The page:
I spent several years researching the role mindfulness plays in leadership performance. What I was most interested in was equipping leaders with practical tools that they could apply anywhere, even during intense stressful periods. The outcome of my research was profound (should you like to read my thesis, you can do so HERE).
What I learned was that to perform at ones best requires far more than head smarts. It takes all of a person, and a deep understanding of their embodied experience, and in turn how to manage what is happening on the inside to achieve optimal results.

While my research subjects were leaders from various organisations, the outcome of my research was universal. No matter who I have worked with from that day, be that with special force military operators to airline cabin crew, or managers and executives on the front line of organisational success, the message is clear:

Your inner state, and how well you manage what is happneing on the inside in moments of crucial performance, is what will dictate your fate

What I learned, and what I know from my own personal life growing up poor on the South Side of Johannesburg, is that no matter what you think you know, all can come crashing down, if you are unable to manage and align your thoughts, sensations, feelings and emotions with what you most desire.

As such, my work both on myself, and with those I coach, is to discover the true potential of our body’s natural intelligence, by leveraging our innate mechanisms for personal success. 

Research Synopsis

The aim of this research is to explore mindfulness-in-action in moments of
leadership performance and the degree to which it may enhance leadership
excellence. To this end, this research answers two interrelated research

Firstly, what are the embodied experiences described by leaders that arise in the
present moment of leadership and which they feel may hinder their ability to lead
successfully? This question is explored through the analysis of a series of
interviews with research participants.

As an extension to my first research question, a group of leaders from various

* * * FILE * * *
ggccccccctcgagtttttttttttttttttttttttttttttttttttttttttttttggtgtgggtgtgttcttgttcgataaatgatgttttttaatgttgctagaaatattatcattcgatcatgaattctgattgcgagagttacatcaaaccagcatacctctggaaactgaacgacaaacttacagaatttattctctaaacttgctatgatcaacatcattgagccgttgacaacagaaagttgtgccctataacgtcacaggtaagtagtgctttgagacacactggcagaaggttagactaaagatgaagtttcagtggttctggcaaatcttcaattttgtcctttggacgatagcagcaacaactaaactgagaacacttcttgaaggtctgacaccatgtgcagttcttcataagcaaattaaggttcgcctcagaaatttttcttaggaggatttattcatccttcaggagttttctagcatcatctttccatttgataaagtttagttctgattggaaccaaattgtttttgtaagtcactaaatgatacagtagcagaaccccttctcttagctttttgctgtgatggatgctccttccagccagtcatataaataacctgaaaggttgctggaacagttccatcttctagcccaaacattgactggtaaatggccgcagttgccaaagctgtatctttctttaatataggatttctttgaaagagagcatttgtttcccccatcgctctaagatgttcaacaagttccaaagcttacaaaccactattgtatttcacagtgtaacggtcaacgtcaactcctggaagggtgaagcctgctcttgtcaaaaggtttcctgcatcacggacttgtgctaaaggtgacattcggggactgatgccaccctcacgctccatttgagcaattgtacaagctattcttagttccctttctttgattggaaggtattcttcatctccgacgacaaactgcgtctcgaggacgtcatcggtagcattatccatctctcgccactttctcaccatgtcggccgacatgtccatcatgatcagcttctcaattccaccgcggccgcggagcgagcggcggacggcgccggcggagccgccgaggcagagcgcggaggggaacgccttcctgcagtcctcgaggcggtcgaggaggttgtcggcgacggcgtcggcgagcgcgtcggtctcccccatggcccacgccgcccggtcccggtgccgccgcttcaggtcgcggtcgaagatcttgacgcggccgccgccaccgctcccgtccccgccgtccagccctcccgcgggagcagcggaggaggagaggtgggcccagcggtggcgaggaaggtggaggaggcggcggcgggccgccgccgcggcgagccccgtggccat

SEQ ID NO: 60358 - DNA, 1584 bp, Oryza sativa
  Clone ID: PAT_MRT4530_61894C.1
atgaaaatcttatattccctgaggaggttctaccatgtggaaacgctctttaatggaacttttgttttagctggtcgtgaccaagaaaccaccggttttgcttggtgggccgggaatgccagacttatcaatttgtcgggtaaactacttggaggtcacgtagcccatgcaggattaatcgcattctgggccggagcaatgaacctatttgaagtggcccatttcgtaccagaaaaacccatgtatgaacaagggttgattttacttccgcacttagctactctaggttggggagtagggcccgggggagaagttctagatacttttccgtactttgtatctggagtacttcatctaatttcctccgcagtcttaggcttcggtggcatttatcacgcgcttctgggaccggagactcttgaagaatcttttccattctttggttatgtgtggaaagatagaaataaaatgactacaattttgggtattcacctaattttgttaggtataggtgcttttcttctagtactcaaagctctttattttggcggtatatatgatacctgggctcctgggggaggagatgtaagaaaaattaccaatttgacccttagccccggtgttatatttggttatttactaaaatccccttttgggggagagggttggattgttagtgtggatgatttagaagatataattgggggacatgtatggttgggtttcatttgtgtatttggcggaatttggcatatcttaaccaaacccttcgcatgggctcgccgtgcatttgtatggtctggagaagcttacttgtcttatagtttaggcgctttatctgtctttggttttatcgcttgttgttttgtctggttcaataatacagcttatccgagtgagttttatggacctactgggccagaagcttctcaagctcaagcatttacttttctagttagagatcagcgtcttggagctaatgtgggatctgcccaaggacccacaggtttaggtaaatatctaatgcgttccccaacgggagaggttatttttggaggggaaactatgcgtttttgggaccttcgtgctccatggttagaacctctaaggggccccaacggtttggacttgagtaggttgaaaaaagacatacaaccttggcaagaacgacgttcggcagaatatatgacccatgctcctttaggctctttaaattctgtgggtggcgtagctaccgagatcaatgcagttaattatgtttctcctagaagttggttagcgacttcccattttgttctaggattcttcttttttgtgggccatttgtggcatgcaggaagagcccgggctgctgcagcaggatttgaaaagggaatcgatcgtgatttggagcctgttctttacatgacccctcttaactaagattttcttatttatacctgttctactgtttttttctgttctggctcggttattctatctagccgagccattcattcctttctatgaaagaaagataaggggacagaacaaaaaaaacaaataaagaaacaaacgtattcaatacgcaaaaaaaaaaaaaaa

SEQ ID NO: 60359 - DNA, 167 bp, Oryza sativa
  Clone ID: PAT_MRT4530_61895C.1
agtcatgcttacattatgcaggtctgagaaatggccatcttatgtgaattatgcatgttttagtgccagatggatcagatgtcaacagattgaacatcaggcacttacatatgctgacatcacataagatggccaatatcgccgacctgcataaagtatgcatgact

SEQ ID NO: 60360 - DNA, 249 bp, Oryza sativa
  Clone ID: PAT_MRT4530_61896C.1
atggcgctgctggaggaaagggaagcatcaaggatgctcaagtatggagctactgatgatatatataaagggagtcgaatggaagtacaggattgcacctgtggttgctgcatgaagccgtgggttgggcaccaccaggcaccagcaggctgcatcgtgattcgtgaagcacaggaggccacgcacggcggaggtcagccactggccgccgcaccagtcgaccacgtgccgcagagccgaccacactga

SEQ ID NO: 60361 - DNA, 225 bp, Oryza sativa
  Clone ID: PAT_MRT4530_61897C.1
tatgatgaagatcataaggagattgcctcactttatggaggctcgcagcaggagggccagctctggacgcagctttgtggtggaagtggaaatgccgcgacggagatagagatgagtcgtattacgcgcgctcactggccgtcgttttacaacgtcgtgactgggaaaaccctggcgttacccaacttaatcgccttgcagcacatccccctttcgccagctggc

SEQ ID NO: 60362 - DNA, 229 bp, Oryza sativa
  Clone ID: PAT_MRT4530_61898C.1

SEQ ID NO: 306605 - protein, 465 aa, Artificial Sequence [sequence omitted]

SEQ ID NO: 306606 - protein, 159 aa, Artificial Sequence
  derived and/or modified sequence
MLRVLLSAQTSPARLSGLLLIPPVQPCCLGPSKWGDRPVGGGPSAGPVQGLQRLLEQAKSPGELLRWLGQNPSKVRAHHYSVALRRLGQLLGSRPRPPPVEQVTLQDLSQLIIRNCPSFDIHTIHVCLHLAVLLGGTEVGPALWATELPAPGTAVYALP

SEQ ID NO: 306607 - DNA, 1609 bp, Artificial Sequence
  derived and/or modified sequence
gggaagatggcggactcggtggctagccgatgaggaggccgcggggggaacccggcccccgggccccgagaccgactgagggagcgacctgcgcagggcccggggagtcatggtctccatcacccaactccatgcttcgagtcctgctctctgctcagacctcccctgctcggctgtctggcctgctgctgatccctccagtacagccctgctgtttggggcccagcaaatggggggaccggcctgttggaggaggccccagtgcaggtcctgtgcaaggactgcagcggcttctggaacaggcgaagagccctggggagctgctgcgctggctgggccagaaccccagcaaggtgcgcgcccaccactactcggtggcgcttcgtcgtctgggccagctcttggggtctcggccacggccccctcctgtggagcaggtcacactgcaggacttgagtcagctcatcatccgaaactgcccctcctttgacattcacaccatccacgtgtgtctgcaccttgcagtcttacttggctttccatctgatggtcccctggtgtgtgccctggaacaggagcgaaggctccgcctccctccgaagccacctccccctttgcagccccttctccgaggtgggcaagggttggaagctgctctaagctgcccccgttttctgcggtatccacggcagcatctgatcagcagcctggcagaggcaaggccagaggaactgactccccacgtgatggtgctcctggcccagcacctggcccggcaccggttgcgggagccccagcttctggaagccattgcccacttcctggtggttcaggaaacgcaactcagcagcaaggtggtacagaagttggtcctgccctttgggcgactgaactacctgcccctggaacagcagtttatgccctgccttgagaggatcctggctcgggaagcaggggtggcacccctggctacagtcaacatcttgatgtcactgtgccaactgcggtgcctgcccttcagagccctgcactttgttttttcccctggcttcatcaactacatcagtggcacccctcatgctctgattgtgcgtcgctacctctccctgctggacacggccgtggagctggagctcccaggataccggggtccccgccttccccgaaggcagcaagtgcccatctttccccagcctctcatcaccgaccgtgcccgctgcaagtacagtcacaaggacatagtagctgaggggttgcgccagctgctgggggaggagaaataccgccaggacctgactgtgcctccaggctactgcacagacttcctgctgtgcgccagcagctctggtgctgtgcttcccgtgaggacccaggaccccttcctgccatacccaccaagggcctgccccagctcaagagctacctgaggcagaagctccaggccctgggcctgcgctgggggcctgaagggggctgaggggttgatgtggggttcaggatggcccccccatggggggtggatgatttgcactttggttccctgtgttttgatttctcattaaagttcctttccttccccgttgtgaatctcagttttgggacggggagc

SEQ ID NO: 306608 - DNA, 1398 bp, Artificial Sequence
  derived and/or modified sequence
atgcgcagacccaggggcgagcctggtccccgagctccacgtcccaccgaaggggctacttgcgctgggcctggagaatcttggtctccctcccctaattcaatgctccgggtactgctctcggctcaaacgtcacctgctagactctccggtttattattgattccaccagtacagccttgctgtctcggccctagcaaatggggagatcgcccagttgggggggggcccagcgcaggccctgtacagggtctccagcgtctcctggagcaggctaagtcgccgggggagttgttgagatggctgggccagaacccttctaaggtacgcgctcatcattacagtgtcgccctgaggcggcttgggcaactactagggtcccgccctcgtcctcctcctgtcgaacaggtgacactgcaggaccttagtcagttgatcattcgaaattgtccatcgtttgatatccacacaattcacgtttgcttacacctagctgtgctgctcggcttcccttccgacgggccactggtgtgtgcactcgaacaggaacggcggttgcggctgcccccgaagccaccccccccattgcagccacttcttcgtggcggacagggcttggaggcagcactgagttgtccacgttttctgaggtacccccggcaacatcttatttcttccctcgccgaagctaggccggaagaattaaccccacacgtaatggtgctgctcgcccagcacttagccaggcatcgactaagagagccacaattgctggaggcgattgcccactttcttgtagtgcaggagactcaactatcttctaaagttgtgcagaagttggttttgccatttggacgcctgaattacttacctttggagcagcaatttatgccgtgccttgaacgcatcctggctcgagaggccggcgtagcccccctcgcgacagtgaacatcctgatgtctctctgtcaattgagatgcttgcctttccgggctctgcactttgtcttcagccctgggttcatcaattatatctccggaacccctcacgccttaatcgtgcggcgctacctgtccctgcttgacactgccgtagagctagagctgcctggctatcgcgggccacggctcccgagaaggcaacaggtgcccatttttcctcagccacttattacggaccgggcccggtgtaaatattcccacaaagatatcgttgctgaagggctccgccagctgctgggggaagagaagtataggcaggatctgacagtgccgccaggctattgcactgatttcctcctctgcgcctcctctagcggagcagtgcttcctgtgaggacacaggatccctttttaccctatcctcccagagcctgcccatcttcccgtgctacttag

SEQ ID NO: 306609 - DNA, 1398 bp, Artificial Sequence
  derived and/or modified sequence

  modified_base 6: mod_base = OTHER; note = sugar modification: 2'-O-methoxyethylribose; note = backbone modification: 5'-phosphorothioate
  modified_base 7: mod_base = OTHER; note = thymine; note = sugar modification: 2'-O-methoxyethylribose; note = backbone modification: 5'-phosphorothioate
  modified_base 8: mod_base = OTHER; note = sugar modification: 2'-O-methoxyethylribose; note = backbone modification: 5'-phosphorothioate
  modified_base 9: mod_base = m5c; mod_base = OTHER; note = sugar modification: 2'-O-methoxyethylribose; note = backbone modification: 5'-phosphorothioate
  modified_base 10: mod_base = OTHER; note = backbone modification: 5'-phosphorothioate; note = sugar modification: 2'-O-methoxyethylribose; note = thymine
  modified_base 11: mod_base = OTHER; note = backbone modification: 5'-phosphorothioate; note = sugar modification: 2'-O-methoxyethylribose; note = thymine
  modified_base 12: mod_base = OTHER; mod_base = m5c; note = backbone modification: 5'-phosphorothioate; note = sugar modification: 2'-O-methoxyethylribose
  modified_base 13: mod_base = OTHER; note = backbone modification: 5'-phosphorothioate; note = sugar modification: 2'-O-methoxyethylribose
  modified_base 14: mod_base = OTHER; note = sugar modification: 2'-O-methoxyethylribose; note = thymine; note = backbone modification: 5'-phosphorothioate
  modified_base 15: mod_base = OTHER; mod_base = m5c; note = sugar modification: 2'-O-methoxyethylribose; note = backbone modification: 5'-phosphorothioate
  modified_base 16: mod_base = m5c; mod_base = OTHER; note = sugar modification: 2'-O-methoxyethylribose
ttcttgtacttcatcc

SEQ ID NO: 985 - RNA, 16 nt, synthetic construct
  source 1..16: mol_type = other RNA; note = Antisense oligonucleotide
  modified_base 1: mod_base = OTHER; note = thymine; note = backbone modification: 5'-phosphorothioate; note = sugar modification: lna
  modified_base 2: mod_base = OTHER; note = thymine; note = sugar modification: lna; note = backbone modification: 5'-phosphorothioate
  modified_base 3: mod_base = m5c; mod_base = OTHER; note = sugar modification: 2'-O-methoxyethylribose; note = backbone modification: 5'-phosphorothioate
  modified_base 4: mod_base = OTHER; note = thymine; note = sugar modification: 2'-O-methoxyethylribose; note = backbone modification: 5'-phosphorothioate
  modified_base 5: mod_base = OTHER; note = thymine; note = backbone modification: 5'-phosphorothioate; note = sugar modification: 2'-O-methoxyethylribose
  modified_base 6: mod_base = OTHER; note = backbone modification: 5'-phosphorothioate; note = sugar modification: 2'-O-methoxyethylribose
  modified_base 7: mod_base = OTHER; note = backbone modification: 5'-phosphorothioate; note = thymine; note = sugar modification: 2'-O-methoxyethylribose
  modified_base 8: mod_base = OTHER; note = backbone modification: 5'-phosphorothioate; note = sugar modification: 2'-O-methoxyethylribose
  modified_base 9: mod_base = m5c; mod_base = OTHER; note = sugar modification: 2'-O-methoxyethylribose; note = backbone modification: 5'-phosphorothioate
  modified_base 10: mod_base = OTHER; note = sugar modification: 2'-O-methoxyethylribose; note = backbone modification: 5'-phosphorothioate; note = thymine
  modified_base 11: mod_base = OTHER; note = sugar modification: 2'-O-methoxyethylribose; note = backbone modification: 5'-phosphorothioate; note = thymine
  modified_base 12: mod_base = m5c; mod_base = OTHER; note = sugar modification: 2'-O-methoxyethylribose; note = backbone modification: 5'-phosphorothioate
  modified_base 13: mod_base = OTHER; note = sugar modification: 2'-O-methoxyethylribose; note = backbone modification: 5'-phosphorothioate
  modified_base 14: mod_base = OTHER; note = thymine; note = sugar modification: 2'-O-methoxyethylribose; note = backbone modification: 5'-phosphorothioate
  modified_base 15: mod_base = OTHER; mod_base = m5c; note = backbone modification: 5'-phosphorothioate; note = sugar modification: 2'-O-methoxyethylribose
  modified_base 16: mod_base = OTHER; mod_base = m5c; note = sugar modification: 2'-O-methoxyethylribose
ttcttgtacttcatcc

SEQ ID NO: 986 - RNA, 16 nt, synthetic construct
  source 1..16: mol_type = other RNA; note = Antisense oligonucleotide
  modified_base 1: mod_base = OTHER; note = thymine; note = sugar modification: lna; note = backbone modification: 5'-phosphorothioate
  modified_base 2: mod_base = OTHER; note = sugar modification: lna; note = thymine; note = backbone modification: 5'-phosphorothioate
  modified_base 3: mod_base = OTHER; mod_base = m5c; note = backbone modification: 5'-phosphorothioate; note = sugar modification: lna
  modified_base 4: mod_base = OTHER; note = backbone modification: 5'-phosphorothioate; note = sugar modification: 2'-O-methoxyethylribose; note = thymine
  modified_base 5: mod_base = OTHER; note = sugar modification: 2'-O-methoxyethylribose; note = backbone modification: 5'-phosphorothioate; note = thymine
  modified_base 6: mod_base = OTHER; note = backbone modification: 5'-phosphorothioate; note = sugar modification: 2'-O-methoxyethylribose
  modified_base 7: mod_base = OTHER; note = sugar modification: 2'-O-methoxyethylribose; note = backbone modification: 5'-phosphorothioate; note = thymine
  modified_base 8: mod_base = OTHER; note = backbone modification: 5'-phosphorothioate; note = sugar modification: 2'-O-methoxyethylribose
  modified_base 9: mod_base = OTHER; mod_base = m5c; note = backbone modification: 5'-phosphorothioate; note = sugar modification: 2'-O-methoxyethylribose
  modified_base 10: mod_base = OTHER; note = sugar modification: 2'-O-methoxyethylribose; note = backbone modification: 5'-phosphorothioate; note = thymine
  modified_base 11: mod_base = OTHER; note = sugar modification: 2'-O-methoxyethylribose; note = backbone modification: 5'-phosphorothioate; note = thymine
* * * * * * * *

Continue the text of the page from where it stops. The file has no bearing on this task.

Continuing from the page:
organisations were then taught mindfulness in an action-oriented way by means
of a bespoke workshop that focused on utilising martial arts-based movements
to teach the concept of mindfulness.

My second research question explores to what extent mindfulness taught in an
experiential, action-oriented way aids leaders in managing their leadership
difficulties. Here the focus shifts to the leadership difficulties my research
participants had previously described (i.e. in Research Question 1), as well as
how, as leaders, they defined leadership before and after mindfulness-in-action
training. The outcome of the research, via the analysis of interviews, was
bolstered further by exploring participants’ trait or dispositional mindfulness
through applying the Mindful Attention Awareness Scale both before and at two
additional time points after the training.

Overall, the analysis and findings of this research show that it is indeed possible
to design and implement a training approach to mindfulness that is both
experientially and action oriented, and which in turn has positive effects on
moments of leadership performance. This research thus adds valuable insight in
understanding leadership, learning and mindfulness, explored through moments
of leadership performance.

Scroll to Top